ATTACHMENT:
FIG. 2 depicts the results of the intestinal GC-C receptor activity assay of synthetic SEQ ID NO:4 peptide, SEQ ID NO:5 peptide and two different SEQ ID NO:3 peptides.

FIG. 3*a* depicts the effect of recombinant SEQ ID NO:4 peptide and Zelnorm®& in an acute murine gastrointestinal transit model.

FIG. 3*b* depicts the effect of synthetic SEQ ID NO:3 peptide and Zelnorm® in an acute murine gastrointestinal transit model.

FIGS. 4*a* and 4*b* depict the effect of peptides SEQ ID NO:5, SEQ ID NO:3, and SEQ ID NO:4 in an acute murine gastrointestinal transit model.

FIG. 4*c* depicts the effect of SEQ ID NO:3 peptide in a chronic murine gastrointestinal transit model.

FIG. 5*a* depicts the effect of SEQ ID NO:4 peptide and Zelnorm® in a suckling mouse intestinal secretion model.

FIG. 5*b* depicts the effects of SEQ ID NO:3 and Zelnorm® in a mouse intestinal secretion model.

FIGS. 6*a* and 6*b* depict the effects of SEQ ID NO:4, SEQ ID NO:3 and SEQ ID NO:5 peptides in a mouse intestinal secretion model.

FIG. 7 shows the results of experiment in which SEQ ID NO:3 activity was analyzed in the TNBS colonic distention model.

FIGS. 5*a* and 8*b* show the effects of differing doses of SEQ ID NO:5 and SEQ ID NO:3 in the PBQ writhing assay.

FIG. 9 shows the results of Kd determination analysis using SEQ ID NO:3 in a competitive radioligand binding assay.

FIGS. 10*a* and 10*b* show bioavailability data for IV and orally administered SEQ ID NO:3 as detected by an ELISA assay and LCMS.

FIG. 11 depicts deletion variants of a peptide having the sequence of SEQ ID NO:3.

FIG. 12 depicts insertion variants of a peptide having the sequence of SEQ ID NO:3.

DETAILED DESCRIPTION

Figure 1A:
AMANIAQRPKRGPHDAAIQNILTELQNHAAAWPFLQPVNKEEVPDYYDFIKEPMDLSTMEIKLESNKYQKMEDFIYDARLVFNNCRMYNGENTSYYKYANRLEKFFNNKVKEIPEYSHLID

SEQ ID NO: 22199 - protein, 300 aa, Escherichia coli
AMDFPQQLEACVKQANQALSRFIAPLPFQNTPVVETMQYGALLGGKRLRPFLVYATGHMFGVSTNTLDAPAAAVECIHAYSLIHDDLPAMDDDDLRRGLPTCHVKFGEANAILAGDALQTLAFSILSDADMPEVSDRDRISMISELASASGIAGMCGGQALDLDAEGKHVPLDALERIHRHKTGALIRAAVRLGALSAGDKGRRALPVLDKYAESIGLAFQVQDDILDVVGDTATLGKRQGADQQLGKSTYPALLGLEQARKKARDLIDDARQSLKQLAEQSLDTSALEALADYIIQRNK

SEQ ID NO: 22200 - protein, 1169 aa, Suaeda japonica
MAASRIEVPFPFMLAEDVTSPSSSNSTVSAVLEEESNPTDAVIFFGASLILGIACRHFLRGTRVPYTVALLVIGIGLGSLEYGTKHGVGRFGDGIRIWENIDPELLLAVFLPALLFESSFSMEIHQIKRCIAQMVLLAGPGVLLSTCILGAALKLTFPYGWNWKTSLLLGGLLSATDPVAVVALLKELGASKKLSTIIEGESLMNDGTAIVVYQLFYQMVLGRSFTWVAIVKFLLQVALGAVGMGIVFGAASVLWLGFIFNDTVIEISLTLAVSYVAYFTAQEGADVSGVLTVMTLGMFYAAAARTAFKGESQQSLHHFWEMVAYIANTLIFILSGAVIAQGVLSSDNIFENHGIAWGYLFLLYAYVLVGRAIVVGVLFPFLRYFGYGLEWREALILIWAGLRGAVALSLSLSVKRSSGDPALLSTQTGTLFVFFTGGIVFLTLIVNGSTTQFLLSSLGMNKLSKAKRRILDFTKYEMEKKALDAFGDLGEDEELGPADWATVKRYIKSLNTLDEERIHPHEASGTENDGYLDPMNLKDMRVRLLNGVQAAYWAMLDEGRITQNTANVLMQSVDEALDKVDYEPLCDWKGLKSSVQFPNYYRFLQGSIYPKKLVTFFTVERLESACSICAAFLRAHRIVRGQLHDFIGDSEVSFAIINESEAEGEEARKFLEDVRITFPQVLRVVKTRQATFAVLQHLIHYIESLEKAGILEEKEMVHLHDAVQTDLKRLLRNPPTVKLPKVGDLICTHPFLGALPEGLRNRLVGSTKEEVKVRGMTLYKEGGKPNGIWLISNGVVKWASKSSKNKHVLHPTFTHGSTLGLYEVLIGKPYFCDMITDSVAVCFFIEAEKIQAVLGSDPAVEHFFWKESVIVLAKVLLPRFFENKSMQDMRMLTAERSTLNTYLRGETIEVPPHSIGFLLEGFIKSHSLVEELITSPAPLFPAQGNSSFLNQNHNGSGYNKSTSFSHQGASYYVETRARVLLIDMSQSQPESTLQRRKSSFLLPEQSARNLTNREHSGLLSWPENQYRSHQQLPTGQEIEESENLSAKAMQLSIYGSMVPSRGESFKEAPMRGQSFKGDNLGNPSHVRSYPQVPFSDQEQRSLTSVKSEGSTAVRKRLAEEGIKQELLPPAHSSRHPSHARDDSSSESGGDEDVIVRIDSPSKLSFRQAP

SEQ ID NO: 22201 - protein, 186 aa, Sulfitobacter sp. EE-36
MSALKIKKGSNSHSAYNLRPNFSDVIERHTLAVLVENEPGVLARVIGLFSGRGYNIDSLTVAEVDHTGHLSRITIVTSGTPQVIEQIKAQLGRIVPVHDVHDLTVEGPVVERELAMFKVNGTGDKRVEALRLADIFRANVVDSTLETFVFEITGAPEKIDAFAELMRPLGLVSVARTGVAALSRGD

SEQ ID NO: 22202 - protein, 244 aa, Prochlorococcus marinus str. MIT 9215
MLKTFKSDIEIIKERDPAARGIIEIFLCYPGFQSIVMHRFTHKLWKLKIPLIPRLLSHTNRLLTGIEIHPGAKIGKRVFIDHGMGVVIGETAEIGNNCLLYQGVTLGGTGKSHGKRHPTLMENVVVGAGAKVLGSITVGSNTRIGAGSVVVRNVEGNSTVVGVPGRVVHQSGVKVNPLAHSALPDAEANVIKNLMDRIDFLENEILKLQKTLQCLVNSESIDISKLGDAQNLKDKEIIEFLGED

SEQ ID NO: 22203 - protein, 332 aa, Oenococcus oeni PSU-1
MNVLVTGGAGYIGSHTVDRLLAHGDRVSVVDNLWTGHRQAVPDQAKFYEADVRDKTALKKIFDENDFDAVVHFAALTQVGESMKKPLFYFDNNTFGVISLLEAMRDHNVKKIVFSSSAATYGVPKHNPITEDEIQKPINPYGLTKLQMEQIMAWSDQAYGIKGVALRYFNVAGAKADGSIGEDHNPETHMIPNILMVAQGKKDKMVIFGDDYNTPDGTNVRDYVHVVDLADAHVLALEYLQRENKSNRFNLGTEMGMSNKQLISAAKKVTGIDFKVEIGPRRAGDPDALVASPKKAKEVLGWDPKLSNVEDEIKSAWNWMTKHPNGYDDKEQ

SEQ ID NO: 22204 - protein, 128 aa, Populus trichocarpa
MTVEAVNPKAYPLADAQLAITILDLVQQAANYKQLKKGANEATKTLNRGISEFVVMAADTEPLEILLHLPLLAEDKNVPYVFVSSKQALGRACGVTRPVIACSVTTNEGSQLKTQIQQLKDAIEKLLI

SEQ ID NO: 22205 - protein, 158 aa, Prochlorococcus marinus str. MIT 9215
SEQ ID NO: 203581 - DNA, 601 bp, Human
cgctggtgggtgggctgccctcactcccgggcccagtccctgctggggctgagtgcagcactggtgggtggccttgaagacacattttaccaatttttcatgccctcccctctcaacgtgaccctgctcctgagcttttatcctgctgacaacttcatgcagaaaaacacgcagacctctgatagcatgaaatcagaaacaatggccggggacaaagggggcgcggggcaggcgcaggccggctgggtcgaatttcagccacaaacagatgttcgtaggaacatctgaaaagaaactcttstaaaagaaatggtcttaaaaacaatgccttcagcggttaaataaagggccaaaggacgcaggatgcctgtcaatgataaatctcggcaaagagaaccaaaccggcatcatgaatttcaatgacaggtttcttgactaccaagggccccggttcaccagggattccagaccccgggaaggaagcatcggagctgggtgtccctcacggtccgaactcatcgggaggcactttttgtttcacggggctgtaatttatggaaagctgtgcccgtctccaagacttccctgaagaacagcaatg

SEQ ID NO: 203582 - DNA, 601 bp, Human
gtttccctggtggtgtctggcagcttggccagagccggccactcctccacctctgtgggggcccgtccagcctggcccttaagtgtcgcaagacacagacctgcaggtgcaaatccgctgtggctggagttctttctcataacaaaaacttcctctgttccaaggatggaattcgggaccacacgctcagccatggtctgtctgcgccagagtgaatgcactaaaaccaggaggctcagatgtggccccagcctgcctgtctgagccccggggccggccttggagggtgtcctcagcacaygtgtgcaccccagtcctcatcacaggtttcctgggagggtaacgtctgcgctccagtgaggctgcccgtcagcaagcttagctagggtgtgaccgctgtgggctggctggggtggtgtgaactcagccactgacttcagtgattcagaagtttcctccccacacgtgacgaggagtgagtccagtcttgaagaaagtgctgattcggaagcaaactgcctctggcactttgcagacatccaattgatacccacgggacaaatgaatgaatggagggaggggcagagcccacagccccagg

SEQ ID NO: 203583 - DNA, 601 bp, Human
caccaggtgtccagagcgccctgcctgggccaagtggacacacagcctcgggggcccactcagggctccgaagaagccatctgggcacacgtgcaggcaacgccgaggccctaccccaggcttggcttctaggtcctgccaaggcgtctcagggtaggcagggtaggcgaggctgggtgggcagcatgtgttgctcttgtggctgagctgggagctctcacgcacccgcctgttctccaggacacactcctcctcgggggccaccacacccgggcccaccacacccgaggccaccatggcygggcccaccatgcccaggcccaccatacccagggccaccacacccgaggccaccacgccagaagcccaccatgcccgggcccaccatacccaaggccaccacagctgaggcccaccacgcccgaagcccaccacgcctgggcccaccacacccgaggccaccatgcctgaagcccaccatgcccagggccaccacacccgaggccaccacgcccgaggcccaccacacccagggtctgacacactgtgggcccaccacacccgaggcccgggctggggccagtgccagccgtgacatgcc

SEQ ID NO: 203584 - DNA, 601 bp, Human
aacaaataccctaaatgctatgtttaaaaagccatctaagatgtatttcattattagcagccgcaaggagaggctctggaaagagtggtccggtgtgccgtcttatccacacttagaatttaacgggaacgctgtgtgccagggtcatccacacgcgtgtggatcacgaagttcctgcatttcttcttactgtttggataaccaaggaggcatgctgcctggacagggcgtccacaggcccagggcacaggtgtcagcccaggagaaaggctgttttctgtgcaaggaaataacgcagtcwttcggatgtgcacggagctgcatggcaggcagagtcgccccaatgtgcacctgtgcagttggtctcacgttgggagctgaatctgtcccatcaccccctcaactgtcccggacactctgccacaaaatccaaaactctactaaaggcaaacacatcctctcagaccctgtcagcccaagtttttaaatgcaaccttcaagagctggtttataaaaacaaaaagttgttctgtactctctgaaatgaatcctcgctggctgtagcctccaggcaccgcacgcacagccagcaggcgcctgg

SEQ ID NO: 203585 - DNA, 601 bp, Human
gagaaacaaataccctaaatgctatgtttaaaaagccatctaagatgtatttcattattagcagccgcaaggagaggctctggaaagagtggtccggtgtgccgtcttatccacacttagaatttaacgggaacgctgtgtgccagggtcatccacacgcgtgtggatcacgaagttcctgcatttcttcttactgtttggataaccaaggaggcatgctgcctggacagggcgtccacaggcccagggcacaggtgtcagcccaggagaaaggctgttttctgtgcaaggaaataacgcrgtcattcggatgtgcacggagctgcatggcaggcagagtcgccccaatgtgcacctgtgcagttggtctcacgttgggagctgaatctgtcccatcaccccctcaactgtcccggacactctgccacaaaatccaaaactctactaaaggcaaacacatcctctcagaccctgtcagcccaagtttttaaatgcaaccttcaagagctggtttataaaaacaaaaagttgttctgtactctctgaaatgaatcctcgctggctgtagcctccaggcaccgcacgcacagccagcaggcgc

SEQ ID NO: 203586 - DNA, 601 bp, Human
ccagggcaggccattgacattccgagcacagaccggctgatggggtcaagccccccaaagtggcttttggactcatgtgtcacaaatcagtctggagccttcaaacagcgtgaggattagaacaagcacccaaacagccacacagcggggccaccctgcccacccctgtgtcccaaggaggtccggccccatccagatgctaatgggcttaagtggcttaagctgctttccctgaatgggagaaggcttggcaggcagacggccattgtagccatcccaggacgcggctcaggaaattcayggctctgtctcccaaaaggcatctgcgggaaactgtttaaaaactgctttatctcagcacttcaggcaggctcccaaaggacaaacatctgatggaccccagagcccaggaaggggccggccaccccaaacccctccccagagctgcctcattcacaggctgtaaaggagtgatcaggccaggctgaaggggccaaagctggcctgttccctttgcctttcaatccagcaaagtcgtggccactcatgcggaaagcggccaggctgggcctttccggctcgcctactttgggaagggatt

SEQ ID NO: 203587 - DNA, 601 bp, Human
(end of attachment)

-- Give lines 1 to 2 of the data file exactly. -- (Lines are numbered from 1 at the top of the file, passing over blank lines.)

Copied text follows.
FIG. 2 depicts the results of the intestinal GC-C receptor activity assay of synthetic SEQ ID NO:4 peptide, SEQ ID NO:5 peptide and two different SEQ ID NO:3 peptides.

FIG. 3*a* depicts the effect of recombinant SEQ ID NO:4 peptide and Zelnorm®& in an acute murine gastrointestinal transit model.